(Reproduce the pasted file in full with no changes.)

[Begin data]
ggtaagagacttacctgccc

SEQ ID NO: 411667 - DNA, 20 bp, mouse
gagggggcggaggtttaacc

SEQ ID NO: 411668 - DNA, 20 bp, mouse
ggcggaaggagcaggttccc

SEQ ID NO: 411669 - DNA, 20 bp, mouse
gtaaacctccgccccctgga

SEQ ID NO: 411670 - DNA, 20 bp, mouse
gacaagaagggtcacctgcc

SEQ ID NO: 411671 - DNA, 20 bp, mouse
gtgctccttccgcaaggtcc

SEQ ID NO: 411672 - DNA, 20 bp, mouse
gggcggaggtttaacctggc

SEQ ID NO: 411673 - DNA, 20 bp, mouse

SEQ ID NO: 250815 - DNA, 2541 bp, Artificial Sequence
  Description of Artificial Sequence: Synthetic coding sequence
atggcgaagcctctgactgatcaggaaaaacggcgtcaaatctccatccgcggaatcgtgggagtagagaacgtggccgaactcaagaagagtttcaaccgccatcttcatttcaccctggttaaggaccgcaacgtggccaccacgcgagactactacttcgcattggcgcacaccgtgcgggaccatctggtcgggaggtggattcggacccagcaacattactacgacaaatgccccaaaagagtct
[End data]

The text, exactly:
ggtaagagacttacctgccc

SEQ ID NO: 411667 - DNA, 20 bp, mouse
gagggggcggaggtttaacc

SEQ ID NO: 411668 - DNA, 20 bp, mouse
ggcggaaggagcaggttccc

SEQ ID NO: 411669 - DNA, 20 bp, mouse
gtaaacctccgccccctgga

SEQ ID NO: 411670 - DNA, 20 bp, mouse
gacaagaagggtcacctgcc

SEQ ID NO: 411671 - DNA, 20 bp, mouse
gtgctccttccgcaaggtcc

SEQ ID NO: 411672 - DNA, 20 bp, mouse
gggcggaggtttaacctggc

SEQ ID NO: 411673 - DNA, 20 bp, mouse

SEQ ID NO: 250815 - DNA, 2541 bp, Artificial Sequence
  Description of Artificial Sequence: Synthetic coding sequence
atggcgaagcctctgactgatcaggaaaaacggcgtcaaatctccatccgcggaatcgtgggagtagagaacgtggccgaactcaagaagagtttcaaccgccatcttcatttcaccctggttaaggaccgcaacgtggccaccacgcgagactactacttcgcattggcgcacaccgtgcgggaccatctggtcgggaggtggattcggacccagcaacattactacgacaaatgccccaaaagagtct